Metro networks have seen a large amount of churn over the last few years. Given that the MAN (metro area network) is the first part of the network in offering customer services, the mix of technology in the MAN could enable or hinder the service provider from providing newer services. Also, a MAN is characterised by a higher order of magnitude of devices, and hence the cost and complexity of the technology has a direct impact on the profitability of the network.
Several technologies have been strong contenders for deployment in metro networks. Traditionally, SDH (synchronous digital hierarchy)/SONET (synchronous optical network) has dominated Metro networks. Traditional SDH/SONET was a hierarchical TDM technology that provided speeds of up to 2,5 Gbps in the metro. Since voice represented a majority of the traffic in the metro in the previous decade, a circuit-oriented technology like first-generation SDH/SONET suited the needs just fine.
Given the large installed base of SDH/SONET and increasing demand for data services, significant efforts have been made towards data-optimising SDH/SONET networks. Next-generation SDH/SONET (NG SDH/SONET), which came into existence around 2002, has three important components: virtual concatenation (VCAT) (ITU-T G.707/Y.1322 and G.783), link capacity adjustment scheme (LCAS) (ITU-T G.7042/Y.1305) and generic framing procedure (GFP) (ITU-T G.7041 (2001) and ANSI T1.105.02 (2002)). The above protocols help SDH/SONET efficiently carry data, and lend flexibility and dynamism to SDH networks. However, just next-generation SDH/SONET itself can only help realise point-to-point Ethernet services. The full power of Ethernet can only be realised by integrating Ethernet switching into a network.
Why Ethernet switching
The biggest disadvantage of traditional SDH/SONET is the use of dedicated point-to-point circuits. This implies that when a customer is assigned a VC-12 (the smallest unit of an SDH network, a 2 Mbps pipe), the 2 Mbps pipe is reserved for that customer, whether he uses it or not (Figure 1). When the customer does not use this bandwidth, it cannot be re-claimed by another customer. Another disadvantage is the lack of flexibility. If the customer required another 2 Mbps, the equipment will have to be cross-connected again, and another pipe of 2 Mbps will be assigned.
Ethernet takes advantage of statistical multiplexing. In Ethernet, all data travels in one pipe, rather than hierarchically aggregated pipes (such as VC-12s in SDH). This implies that if a certain customer is not using the 2 Mbps assigned to him, another customer can use it. This results in a significant amount of bandwidth efficiency in the network. Another advantage of Ethernet is the flexibility it provides. If the bandwidth requirement at a certain Ethernet switch goes up, more traffic can be pumped into the same port (or another port on the same equipment) without any configuration. Thus, bandwidth efficiency and upgradeability are the strongest points in favour of introducing Ethernet switching in the network (Figure 2).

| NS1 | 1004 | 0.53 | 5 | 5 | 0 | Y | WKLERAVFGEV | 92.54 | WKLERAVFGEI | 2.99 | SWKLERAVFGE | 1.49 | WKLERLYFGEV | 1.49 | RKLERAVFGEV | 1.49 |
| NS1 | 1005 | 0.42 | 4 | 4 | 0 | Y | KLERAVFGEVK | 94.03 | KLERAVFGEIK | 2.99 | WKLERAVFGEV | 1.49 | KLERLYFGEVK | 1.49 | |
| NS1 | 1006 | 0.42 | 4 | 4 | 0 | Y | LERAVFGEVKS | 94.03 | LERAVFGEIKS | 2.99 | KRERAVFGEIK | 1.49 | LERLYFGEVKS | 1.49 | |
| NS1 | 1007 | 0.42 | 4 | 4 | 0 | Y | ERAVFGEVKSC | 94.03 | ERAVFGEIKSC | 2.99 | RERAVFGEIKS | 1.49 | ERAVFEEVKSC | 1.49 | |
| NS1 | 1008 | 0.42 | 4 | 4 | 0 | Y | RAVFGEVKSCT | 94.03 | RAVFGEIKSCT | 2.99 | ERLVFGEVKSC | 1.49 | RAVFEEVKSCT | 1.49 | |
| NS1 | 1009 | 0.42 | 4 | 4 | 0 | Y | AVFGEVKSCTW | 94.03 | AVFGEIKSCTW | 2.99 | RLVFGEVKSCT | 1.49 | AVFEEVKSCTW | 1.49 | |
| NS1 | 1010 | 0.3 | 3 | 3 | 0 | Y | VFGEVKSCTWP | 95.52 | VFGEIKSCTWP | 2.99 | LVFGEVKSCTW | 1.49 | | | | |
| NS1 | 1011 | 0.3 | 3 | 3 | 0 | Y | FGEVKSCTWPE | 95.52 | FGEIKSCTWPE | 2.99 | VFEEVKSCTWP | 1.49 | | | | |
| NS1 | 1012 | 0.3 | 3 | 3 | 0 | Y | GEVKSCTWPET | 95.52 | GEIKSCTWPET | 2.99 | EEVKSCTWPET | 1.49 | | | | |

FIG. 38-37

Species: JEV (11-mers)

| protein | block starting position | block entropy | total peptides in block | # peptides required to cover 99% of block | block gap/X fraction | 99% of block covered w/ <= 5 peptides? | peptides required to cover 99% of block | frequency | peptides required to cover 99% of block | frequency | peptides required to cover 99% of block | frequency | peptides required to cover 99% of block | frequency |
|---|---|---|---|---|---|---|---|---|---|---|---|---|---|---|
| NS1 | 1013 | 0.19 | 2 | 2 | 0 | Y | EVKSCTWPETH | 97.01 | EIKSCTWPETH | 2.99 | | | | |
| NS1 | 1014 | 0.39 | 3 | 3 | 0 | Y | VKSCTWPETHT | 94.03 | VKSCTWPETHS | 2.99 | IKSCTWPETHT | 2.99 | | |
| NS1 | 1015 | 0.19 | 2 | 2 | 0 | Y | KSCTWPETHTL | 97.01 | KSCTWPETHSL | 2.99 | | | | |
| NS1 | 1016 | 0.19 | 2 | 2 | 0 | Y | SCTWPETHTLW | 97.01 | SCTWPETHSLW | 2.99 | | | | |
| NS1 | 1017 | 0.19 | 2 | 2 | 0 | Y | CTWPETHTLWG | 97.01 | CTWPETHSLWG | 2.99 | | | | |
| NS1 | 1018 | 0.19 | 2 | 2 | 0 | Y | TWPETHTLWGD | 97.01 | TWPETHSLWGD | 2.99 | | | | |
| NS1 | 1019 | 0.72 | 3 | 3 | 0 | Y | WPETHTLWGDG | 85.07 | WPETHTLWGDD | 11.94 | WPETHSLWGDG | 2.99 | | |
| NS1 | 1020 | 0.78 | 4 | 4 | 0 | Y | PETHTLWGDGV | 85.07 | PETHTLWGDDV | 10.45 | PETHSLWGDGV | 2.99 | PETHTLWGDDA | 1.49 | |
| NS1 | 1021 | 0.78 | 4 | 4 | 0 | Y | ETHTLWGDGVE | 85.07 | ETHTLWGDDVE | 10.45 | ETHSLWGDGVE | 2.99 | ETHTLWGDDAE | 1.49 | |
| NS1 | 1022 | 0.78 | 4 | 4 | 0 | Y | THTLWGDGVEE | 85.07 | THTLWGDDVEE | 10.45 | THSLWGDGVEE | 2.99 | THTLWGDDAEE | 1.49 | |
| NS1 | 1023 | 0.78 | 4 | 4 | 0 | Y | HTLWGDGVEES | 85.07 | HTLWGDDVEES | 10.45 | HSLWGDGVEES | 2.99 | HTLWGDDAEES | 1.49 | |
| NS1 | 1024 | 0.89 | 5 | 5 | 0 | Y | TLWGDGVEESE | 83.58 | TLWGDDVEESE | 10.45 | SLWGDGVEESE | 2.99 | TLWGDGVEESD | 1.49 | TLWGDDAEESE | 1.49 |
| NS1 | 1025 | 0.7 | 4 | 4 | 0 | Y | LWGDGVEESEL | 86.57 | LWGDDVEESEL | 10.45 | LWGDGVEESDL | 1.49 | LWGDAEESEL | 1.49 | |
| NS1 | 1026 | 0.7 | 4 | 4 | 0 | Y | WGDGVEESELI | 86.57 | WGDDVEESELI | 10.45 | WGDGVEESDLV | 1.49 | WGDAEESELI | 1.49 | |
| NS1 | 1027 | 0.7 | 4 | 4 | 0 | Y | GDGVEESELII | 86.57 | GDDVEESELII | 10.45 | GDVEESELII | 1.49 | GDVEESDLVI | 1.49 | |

However, Ethernet has traditionally had poor OAM capabilities, which arises from its roots in the local area network. And Ethernet performs poorly in delivering carrier-class services like voice across the network.
Integrating Ethernet switching into next-generation SDH/SONET
The true power of Ethernet and SDH can be realised by integrating Ethernet switching into an SDH network. In this case, a set of pipes in the network can function as a virtual Ethernet pipe as shown in Figure 3. Each node would behave like an SDH ADM or an Ethernet switch based on the pipe the traffic is being carried in.
An Ethernet switching network on NG-SDH/SONET is proving to be a very popular option for deployment in metro networks (Figure 4). Point-to-point as well as advanced point-to-multipoint, and multipoint-to-multipoint Ethernet/IP services such as video, VoIP (voice over IP) and virtual private networks can be delivered over existing SDH/SONET networks - incrementally, and in parallel with traditional TDM services such as voice and private lines. This feature is the strongest point in favour of Ethernet-over-SDH, given that there are significant SDH/SONET deployments in place in the metro. For example, a service provider could start with a virtual 10 Mbps Ethernet pipe (consisting of 5 VC-12 SDH pipes) and then gradually increase it to 50 Mbps (25 VC-12 SDH pipes) as demand for these services increases.
For now, NG-SDH seems to have its roots firmly entrenched in service provider networks. Given the ubiquitous presence of SDH in the metro, incrementally offering high-end Ethernet services over this SDH network would be the best way of packetising the metro. This approach ensures that the service provider can start offering risky but more profitable data services without letting go of 'cash cow' voice services. The incremental nature of this approach should also alleviate the risk of introducing these new data services into the network. The high comfort-levels network operators have with NG-SDH, and NG-SDH's strong OAM features, combine well with the flexibility and efficiency of Ethernet to give the service provider the best of both worlds.
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